The second claim in the ad is that Kirk "opposed middle-class tax cuts."
In case you missed the small print in the ad, it reads "Vote 70, Feb. 13, 2009." What is Vote 70 in the 111th Congress? The American Recovery and Reinvestment Act of 2009, aka the economic stimulus package.
Republicans criticizing the stimulus often ignore the fact that nearly a third of it -- $288 billion -- was for various tax cuts. And one of the biggest tax cuts was aimed squarely at the middle class. The Making Work Pay provision provided a refundable credit of 6.2 percent of earned income, up to $400 for individuals and up to $800 for married taxpayers filing joint returns in 2009 and 2010. Making Work Pay was estimated to benefit about 110 million working Americans -- most of them middle class -- at a cost of about $116 billion.
And Kirk voted against the stimulus.
So does that mean Kirk opposed middle-class tax cuts?
We think that's misleading. The stimulus was, of course, not just an up or down vote on Making Work Pay tax credits. The Making Work Pay tax credits made up less than a fifth of the overall, $787 billion cost of the massive economic stimulus bill, which included $275 billion on spending projects such as new roads, bridges and high-speed rail and $224 billion worth of payments to state governments for things such as hiring teachers and police officers and for services such as extended unemployment insurance and health coverage.
On Kirk's campaign website, it notes that "Congressman Kirk voted against the stimulus because it wasted money on big government spending programs."
The campaign website also claims Kirk has voted to cut taxes more than 40 times. We're not going to get into all those votes, but there's no evidence that Kirk opposed the middle-class tax cuts; he opposed the overall stimulus.
And so we rate this claim Barely True.
Last is the claim that Kirk "said unemployment’s not that big an issue."
That seems an odd claim given that Kirk has a whole section in the "Issues" section of his campaign website called "Getting Illinois Working Again."
The page outlines Kirk's philosophy of lowering taxes, reducing borrowing and investing in things like alternative energy to "spur job creation." Agree or not with his ideas, the positions suggest that Kirk believes unemployment is a serious issue.
So where does the Giannoulias ad's claim come from? The print in the background of the ad states, "Mark Kirk: Unemployment is not a 'big issue'." And then in small print, the ad sources a Roll Call story on June 16, 2008.
The story was about a battle between Democrats and Republicans over a plan to extend unemployment benefits.
Although the bill received some Republican support -- particularly from GOP senators in states hardest-hit by unemployment -- the plan was opposed by the Republican leadership and enough rank-and-file Republicans so that the bill did not have enough votes to override a veto from then President George W. Bush.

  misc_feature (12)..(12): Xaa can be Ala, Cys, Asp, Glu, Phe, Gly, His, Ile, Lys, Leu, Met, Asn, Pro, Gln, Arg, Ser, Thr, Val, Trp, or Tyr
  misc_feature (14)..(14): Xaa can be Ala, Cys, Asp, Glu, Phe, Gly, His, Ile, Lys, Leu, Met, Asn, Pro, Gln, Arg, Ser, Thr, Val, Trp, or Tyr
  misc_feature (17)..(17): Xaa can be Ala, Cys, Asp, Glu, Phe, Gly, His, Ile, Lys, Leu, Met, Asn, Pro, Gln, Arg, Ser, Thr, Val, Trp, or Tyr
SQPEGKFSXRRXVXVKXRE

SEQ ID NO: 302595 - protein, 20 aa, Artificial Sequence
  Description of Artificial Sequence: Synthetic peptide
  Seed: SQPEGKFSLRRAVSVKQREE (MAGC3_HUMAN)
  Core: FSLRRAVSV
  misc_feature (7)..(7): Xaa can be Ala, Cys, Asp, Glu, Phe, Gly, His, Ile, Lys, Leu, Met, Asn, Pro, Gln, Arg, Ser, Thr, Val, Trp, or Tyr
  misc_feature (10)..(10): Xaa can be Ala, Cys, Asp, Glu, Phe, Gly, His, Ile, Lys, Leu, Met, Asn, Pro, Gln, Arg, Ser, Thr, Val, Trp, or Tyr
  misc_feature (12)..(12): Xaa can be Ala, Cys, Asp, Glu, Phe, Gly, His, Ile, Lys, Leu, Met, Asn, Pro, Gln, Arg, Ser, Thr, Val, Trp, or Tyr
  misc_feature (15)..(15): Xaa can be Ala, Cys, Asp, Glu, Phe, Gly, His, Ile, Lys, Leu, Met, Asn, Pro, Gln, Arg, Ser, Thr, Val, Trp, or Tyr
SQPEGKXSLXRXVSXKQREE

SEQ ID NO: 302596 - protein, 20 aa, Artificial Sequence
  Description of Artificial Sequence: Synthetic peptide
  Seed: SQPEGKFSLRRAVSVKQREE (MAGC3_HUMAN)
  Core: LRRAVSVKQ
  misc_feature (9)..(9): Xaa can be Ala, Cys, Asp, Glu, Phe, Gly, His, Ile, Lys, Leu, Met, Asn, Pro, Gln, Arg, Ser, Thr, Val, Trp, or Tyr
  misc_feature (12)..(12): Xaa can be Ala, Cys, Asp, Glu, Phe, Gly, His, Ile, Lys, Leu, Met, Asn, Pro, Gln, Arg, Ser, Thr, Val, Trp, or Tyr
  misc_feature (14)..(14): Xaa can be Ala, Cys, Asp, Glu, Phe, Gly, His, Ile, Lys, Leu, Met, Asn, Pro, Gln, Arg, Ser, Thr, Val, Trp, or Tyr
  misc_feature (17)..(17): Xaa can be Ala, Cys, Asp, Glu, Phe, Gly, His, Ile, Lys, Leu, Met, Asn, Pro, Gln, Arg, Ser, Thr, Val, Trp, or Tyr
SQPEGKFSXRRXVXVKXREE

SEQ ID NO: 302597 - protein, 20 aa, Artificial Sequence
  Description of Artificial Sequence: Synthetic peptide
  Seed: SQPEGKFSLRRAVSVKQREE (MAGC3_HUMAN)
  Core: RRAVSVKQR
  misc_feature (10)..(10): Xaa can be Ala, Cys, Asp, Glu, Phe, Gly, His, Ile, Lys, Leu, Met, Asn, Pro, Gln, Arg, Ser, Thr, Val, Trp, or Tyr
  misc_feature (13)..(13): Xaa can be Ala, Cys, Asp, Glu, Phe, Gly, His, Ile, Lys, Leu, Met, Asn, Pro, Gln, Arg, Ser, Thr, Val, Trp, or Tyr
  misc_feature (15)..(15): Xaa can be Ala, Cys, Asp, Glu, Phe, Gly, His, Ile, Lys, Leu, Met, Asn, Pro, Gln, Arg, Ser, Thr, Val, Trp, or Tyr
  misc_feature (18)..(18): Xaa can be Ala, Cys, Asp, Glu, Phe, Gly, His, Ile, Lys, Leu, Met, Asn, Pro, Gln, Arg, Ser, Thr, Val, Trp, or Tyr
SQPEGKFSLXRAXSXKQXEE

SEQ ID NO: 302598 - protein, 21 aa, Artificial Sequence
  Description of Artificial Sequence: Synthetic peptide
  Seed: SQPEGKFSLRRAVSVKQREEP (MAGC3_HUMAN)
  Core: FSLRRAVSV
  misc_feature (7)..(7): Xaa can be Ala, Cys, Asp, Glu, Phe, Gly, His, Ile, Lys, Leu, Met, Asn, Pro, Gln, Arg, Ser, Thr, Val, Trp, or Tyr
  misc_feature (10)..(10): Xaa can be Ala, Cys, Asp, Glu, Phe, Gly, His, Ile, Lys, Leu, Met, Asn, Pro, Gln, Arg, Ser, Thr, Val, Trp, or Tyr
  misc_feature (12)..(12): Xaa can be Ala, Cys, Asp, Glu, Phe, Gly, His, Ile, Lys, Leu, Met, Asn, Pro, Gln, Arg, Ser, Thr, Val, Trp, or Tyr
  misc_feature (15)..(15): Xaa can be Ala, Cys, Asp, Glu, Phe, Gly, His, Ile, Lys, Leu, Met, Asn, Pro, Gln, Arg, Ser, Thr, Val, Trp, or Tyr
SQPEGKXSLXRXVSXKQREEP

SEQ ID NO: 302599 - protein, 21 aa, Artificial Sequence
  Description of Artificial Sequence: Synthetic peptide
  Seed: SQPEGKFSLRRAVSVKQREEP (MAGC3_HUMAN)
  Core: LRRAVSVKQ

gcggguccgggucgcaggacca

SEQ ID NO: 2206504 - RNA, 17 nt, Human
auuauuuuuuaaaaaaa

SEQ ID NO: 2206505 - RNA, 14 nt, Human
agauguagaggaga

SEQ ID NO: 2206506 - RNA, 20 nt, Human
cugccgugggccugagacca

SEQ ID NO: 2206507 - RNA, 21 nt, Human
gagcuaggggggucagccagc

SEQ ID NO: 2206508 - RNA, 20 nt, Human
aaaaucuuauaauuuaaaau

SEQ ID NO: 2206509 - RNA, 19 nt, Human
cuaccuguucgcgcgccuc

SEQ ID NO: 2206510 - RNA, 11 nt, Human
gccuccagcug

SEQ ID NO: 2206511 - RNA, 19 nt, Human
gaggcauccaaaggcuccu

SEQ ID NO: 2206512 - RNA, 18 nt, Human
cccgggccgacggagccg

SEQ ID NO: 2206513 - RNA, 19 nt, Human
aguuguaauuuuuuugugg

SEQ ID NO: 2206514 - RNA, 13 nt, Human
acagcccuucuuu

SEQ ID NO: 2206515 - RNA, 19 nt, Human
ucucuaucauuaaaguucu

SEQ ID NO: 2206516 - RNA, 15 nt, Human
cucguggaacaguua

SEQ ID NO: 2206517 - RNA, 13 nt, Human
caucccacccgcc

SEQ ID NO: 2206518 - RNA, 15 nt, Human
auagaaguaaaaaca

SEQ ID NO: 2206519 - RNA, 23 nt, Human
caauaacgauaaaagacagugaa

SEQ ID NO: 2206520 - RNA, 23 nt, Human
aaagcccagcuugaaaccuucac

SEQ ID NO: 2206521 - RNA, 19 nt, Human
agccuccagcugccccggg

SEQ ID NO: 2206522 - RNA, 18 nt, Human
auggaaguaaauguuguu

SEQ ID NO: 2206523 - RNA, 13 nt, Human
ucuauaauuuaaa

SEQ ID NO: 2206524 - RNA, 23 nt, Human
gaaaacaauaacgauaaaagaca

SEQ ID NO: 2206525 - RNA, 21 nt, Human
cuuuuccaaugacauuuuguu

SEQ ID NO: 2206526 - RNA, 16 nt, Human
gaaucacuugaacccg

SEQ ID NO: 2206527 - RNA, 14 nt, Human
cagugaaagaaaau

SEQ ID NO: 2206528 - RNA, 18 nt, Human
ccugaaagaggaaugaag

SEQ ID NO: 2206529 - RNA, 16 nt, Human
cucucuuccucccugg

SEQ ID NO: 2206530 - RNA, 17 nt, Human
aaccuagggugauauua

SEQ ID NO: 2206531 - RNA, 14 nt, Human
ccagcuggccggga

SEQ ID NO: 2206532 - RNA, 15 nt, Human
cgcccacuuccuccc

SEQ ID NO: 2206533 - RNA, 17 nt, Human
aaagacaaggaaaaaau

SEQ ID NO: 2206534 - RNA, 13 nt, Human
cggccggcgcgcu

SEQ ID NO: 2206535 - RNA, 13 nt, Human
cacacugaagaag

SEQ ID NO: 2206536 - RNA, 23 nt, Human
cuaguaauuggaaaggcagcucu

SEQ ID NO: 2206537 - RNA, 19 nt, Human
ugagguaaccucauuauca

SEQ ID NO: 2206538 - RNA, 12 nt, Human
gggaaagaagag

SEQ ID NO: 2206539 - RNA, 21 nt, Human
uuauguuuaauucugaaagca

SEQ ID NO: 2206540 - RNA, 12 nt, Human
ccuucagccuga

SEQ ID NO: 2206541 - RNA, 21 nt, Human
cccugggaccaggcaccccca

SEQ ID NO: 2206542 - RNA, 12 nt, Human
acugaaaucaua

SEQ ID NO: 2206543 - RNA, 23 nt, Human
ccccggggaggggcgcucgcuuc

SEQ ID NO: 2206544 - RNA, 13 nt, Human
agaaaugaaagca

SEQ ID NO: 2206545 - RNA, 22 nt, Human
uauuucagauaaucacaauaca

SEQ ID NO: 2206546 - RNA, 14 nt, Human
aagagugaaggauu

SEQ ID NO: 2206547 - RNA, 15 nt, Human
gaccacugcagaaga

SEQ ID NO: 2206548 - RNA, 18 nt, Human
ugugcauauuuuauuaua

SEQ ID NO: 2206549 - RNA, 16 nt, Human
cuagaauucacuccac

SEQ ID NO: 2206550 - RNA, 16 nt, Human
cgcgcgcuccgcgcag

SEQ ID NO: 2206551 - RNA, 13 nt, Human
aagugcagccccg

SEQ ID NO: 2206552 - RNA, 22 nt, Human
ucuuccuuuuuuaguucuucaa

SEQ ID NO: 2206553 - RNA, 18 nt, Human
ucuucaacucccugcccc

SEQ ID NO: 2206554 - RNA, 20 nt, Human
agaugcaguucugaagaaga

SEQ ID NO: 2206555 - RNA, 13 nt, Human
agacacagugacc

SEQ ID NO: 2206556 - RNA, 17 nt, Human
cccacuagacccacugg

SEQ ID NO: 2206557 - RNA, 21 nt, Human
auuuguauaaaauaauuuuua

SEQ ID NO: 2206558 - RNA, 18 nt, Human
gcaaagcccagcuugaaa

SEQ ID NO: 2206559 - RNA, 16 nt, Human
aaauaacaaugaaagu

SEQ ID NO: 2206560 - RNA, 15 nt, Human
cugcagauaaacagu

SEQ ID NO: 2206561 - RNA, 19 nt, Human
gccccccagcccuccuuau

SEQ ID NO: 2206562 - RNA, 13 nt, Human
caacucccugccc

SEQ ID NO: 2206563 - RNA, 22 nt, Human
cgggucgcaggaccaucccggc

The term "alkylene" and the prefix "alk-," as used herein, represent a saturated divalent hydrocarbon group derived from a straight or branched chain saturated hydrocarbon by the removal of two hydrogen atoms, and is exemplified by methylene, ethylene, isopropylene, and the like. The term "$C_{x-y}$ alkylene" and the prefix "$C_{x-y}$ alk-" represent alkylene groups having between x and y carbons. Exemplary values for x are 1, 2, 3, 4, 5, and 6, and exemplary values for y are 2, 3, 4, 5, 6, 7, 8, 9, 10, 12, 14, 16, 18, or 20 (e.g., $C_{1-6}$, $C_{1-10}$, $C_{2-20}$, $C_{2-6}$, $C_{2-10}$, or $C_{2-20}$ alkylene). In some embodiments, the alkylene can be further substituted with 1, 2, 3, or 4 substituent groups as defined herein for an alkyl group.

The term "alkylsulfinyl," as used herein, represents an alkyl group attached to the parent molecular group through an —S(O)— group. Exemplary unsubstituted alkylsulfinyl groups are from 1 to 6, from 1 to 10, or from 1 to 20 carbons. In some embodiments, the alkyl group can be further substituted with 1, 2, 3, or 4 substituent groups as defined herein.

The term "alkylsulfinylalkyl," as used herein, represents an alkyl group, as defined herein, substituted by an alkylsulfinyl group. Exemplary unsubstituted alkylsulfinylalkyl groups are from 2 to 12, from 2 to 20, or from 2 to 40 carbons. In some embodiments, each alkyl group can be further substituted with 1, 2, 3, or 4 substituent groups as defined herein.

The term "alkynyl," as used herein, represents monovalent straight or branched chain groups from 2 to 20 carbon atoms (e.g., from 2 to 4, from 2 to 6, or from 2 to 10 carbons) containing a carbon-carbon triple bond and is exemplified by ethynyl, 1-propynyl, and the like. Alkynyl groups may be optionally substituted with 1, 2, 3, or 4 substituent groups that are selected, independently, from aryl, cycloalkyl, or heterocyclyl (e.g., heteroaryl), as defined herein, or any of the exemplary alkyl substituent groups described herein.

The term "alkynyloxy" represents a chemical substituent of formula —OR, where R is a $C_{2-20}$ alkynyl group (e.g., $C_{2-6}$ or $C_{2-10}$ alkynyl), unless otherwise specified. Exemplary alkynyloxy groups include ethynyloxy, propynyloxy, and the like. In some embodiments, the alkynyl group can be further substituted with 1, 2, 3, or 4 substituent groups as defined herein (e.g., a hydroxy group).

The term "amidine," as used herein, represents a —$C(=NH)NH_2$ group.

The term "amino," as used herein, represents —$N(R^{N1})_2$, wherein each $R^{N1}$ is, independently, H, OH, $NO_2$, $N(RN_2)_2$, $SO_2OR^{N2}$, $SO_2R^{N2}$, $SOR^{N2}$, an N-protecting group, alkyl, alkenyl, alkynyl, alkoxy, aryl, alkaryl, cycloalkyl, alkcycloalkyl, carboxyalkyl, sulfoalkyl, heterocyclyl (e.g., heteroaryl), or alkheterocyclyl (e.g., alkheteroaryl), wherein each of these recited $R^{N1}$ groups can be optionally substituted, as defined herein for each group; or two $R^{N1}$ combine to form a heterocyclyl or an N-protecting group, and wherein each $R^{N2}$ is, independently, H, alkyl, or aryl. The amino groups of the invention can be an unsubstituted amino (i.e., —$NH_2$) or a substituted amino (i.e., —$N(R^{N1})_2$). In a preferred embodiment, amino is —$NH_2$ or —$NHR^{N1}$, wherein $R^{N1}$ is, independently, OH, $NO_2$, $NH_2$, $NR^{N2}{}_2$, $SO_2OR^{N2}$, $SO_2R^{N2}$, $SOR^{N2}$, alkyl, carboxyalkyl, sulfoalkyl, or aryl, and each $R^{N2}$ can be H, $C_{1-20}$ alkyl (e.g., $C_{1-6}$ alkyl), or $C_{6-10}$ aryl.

Republican leaders said they favored an extension of unemployment benefits only in states with high unemployment and only for people who had worked for at least 20 weeks before being laid off.
Here's the part of the Roll Call story that includes Kirk, who opposed the Democrats' plan:
"I want to make sure that when you get extended unemployment benefits, you've been working for more than two weeks," he said.
Kirk said the issue just isn't that big a deal in his district, where he said the unemployment rate is about 5.5 percent -- the same as the national rate.
"I know that others think this is a big issue, but I've heard very little," he said. "I have a very high-income district."
On its website, the Kirk campaign responded to a similar claim made by the Democratic Senatorial Campaign Committee -- that Kirk had callously claimed unemployment wasn't a big issue -- by pointing out that the article is more than two years old, and that the comment came when unemployment stood at 5.5 percent (it's now at 9.6 percent).
The Kirk campaign also noted that Kirk voted to extend unemployment benefits numerous times between 2002 and 2010, and "Mark Kirk has said he would vote to extend unemployment benefits again if the legislation did not add to the debt or raise taxes." This past July, however, Kirk again voted against a bill to extend unemployment benefits, saying, "I opposed the last one because there was no effort to offset the cost. It just added $30 billion straight to the deficit."
The Giannoulias campaign contends Kirk's comment in Roll Call was that unemployment isn't a big issue, but we think the fuller context of the article makes clear that Kirk is saying that extending unemployment benefits -- at that time -- was not "that big a deal" in his district. That's different than saying unemployment is not a big deal. We rate the claim Barely True. And that's how we rate the ad overall -- Barely True.
Editor's note: This statement was rated Barely True when it was published. On July 27, 2011, we changed the name for the rating to Mostly False.